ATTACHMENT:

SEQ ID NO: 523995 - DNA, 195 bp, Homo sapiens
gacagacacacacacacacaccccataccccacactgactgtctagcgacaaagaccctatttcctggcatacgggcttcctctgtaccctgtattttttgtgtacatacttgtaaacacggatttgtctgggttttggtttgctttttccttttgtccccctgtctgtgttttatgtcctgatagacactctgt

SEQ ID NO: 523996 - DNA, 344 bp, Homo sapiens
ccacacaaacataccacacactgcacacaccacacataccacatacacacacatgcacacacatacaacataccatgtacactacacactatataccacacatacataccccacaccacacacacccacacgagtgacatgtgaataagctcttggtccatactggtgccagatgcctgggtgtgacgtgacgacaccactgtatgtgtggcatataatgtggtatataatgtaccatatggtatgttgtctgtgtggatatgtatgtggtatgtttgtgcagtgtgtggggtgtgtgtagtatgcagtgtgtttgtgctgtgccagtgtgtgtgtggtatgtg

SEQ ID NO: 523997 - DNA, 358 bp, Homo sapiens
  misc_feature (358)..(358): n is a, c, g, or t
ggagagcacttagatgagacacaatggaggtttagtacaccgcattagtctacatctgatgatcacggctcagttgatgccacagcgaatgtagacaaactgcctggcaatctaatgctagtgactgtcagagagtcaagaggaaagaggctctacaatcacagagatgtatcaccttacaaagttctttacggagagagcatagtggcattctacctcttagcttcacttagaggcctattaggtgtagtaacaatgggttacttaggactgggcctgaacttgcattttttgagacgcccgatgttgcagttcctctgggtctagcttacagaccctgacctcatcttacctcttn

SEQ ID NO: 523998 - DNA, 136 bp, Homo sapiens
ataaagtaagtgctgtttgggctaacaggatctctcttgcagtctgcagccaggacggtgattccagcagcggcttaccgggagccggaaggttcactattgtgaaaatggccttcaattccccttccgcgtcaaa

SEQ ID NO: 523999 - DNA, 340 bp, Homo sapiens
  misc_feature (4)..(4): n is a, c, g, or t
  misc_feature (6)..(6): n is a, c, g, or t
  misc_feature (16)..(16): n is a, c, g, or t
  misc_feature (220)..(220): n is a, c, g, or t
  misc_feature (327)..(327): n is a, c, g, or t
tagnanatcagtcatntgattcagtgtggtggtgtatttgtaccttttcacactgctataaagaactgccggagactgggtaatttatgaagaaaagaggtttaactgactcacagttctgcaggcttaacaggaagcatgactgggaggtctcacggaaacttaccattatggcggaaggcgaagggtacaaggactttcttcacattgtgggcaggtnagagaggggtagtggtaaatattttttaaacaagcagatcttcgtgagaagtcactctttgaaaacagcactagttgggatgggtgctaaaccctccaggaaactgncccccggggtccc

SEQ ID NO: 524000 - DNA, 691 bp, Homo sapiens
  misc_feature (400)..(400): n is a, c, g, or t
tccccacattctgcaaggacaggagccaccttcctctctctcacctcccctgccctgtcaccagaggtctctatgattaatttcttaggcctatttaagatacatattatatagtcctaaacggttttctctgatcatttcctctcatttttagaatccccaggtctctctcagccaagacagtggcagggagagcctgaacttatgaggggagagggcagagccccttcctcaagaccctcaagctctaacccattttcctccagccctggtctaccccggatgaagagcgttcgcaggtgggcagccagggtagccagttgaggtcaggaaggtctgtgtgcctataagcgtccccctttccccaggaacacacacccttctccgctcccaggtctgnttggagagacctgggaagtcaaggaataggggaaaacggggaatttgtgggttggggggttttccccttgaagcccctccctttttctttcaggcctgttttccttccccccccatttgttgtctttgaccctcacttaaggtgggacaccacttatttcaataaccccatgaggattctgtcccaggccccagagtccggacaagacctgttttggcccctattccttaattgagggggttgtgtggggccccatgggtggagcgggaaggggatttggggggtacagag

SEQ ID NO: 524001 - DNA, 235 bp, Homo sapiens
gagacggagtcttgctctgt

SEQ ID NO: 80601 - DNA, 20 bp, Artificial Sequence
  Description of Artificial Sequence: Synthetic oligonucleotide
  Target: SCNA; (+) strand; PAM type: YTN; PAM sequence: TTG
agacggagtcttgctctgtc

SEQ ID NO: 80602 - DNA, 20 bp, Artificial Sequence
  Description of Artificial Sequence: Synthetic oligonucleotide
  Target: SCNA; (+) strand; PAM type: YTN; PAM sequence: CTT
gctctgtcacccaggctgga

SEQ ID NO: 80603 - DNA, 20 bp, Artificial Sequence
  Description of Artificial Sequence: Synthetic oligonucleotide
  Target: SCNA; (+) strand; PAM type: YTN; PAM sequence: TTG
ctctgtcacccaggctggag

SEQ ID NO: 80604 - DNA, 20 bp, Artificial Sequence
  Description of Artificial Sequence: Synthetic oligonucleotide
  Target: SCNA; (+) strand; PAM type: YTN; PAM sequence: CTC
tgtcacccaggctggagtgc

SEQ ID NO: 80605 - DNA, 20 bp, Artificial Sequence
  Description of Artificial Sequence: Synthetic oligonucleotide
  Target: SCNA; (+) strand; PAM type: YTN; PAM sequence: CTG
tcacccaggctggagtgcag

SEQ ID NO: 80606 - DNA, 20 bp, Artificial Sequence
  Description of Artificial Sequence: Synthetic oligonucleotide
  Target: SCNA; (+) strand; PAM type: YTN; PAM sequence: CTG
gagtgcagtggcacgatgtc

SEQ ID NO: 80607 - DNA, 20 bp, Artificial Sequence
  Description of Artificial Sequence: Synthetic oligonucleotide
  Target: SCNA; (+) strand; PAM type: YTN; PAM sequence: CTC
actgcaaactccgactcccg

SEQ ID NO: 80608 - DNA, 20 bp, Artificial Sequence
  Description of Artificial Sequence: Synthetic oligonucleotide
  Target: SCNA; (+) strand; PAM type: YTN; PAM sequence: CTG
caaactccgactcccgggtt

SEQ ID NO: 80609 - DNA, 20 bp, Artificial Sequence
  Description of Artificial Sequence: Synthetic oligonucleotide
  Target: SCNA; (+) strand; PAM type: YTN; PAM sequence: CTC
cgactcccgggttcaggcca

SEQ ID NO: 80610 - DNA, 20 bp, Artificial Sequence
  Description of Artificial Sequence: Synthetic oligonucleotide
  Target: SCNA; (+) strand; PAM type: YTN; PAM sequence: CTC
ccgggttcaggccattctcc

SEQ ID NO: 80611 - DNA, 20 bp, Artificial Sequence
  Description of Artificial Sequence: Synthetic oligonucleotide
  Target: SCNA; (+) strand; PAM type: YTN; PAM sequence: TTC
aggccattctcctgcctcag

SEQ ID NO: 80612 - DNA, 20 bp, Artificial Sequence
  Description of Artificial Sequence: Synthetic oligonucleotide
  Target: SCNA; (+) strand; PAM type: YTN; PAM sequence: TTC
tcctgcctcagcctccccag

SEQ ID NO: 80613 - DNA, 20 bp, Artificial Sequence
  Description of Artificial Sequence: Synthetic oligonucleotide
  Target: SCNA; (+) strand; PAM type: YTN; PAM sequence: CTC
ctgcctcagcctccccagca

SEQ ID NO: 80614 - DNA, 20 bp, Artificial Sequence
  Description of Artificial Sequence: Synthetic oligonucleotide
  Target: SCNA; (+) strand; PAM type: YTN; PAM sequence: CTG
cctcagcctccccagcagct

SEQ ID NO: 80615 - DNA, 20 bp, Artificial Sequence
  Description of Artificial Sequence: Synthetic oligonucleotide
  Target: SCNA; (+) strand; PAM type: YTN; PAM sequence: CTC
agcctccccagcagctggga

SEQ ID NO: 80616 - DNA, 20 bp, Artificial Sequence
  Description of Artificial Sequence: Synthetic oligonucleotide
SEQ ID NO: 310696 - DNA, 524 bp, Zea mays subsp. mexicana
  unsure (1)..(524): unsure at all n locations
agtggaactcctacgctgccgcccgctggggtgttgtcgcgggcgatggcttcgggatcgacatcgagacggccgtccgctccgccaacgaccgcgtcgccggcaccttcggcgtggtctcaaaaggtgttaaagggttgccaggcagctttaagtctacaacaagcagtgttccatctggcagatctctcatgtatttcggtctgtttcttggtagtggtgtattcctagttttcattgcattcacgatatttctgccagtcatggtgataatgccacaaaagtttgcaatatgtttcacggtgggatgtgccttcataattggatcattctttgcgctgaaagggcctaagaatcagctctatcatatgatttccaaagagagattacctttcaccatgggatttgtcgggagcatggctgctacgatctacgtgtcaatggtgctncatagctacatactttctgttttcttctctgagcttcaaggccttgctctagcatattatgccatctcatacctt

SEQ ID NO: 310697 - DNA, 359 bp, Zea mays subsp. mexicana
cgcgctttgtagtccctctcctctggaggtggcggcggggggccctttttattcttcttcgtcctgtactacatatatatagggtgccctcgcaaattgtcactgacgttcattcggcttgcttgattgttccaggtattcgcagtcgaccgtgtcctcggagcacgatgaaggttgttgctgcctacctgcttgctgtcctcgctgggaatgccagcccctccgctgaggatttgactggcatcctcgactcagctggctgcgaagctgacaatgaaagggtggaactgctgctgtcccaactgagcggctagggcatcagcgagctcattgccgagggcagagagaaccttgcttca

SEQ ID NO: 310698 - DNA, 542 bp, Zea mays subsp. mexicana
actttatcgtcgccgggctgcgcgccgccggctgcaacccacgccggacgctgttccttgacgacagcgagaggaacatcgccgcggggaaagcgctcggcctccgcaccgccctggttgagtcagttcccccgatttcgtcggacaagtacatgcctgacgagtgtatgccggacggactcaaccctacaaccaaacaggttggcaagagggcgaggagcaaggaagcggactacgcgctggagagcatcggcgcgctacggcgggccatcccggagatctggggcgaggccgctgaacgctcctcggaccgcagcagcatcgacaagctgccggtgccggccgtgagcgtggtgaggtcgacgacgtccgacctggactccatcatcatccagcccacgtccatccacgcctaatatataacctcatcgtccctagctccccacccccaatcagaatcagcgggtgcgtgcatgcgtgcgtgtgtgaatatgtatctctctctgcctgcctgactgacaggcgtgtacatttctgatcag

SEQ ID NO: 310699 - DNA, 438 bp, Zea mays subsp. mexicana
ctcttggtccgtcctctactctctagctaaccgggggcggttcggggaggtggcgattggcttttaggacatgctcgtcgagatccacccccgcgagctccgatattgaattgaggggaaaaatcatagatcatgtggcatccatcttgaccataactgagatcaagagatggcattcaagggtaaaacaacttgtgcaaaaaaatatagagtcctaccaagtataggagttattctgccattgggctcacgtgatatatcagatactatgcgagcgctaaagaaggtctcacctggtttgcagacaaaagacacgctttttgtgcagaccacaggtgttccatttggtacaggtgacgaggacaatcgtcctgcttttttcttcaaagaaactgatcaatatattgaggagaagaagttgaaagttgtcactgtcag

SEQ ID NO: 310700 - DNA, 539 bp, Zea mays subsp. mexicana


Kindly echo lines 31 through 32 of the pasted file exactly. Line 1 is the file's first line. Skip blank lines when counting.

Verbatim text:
  Description of Artificial Sequence: Synthetic oligonucleotide
  Target: SCNA; (+) strand; PAM type: YTN; PAM sequence: TTG